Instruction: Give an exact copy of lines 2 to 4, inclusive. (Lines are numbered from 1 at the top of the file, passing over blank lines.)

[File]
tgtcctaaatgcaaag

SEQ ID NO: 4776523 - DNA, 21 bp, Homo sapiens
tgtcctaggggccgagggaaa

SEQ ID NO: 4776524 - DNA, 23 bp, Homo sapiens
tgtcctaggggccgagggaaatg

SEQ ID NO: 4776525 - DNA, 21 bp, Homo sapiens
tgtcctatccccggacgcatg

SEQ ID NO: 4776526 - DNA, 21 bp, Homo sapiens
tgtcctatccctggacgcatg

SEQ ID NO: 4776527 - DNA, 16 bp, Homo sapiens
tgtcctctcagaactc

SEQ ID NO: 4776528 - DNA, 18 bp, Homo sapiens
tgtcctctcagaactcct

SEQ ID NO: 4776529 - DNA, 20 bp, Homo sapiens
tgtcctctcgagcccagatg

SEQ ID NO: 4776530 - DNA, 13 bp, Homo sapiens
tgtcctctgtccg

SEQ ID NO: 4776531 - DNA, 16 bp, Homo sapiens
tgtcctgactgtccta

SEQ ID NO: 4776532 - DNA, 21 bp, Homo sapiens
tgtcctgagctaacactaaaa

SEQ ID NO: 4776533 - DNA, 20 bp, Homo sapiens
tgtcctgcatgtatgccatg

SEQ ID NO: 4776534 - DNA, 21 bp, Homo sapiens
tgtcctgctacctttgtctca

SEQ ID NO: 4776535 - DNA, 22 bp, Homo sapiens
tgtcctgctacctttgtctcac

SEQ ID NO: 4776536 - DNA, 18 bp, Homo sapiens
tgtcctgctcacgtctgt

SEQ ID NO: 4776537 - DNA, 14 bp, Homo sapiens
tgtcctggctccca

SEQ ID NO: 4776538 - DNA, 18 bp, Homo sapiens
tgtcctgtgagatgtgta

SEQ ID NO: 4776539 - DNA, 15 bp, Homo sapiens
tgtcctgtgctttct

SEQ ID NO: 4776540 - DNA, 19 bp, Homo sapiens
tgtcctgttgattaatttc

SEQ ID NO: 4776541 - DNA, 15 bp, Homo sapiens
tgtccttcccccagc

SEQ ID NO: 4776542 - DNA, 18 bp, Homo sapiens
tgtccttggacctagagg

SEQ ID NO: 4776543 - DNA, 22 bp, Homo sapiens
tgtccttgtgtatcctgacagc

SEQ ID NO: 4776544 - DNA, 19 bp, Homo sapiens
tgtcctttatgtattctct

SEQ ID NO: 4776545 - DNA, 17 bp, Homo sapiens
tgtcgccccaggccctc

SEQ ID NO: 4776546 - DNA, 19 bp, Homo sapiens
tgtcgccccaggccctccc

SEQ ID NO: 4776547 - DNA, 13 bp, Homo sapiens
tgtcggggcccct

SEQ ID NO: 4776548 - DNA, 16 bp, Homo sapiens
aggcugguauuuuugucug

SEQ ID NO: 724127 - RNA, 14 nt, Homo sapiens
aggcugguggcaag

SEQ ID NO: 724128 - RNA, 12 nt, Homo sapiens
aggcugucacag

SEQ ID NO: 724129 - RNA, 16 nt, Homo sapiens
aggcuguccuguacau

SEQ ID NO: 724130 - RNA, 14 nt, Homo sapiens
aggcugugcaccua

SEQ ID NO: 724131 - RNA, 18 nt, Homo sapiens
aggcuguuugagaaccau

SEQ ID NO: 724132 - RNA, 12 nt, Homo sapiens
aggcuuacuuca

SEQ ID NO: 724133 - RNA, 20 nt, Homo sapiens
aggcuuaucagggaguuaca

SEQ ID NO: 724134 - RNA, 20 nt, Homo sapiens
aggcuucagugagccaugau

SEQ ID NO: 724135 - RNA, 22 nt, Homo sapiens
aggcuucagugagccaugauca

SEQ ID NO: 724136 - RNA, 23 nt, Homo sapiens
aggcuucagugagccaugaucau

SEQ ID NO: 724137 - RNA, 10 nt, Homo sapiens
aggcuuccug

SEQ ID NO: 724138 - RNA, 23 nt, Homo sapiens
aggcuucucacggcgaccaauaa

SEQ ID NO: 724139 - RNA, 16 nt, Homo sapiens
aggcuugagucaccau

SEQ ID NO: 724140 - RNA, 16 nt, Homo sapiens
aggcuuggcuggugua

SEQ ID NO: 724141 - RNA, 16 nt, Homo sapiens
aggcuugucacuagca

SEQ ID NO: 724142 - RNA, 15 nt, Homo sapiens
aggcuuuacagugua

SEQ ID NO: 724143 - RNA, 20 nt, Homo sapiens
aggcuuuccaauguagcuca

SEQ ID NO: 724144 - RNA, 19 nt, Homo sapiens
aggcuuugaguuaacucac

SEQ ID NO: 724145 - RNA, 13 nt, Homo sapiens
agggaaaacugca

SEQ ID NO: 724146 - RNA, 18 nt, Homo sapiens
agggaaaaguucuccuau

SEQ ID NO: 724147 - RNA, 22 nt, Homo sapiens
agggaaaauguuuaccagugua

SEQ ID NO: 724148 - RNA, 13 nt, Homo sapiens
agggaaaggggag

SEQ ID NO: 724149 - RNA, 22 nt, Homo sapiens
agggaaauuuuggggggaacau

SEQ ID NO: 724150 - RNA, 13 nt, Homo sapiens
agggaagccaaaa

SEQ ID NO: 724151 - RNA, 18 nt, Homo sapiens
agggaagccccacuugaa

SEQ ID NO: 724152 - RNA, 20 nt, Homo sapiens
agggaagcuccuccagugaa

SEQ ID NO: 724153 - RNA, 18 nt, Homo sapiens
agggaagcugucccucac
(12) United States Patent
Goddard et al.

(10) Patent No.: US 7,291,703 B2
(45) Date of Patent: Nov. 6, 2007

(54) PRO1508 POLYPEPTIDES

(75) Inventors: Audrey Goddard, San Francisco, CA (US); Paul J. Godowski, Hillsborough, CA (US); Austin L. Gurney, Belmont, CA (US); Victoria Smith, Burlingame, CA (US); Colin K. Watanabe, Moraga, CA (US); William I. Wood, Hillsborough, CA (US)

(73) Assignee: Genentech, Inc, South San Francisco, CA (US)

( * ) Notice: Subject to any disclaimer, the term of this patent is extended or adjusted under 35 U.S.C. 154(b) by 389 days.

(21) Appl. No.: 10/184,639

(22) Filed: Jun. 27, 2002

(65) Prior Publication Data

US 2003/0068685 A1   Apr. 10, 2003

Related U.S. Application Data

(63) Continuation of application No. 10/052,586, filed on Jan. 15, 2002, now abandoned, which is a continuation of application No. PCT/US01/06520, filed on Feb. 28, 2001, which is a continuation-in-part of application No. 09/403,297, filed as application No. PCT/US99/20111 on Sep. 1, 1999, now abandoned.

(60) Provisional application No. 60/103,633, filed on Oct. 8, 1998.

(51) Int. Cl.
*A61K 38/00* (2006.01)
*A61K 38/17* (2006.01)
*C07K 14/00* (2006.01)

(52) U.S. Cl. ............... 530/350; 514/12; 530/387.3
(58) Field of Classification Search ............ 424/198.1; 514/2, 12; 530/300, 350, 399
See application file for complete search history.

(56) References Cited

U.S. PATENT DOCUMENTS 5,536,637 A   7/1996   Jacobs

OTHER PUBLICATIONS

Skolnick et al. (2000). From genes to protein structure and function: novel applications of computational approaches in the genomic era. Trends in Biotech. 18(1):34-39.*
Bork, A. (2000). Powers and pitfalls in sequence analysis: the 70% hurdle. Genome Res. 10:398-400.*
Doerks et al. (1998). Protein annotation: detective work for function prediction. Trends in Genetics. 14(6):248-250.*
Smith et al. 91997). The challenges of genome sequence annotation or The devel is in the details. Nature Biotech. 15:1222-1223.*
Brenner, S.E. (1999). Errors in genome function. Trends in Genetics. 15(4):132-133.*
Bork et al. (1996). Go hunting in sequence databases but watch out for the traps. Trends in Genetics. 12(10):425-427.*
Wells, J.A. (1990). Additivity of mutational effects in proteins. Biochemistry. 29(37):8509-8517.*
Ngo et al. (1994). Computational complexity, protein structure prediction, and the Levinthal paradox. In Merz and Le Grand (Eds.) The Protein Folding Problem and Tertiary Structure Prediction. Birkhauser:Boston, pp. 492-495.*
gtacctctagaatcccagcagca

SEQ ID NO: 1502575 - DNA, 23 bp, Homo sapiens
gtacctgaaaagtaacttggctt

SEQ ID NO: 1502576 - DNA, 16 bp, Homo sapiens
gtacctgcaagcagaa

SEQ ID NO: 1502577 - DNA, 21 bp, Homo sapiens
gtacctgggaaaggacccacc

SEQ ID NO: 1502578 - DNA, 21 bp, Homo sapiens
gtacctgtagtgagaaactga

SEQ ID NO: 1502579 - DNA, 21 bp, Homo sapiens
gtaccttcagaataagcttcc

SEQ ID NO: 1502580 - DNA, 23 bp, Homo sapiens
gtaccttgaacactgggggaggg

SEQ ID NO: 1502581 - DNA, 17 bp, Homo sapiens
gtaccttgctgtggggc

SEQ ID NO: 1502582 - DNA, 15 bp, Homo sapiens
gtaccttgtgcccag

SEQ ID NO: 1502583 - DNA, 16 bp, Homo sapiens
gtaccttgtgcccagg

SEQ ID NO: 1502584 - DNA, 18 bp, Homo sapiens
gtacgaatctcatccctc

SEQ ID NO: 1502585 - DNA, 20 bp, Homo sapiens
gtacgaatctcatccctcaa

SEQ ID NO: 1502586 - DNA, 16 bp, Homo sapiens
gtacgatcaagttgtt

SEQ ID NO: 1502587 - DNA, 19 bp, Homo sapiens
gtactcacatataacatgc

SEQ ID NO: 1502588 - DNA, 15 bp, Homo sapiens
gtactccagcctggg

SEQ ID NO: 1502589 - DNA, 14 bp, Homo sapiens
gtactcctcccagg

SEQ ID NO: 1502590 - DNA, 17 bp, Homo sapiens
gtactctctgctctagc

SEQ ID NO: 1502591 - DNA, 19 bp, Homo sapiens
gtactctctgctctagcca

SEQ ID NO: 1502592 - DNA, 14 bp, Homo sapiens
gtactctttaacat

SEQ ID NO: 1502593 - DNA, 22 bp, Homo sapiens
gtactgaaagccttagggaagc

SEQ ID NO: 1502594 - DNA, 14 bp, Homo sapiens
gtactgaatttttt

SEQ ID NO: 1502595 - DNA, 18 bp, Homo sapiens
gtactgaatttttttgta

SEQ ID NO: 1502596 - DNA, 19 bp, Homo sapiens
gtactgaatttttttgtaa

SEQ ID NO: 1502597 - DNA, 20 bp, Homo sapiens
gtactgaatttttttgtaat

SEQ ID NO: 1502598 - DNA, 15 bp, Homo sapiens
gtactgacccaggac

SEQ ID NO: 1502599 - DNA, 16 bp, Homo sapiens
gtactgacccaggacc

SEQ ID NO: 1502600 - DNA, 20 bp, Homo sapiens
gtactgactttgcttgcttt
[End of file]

SEQ ID NO: 4776523 - DNA, 21 bp, Homo sapiens
tgtcctaggggccgagggaaa

SEQ ID NO: 4776524 - DNA, 23 bp, Homo sapiens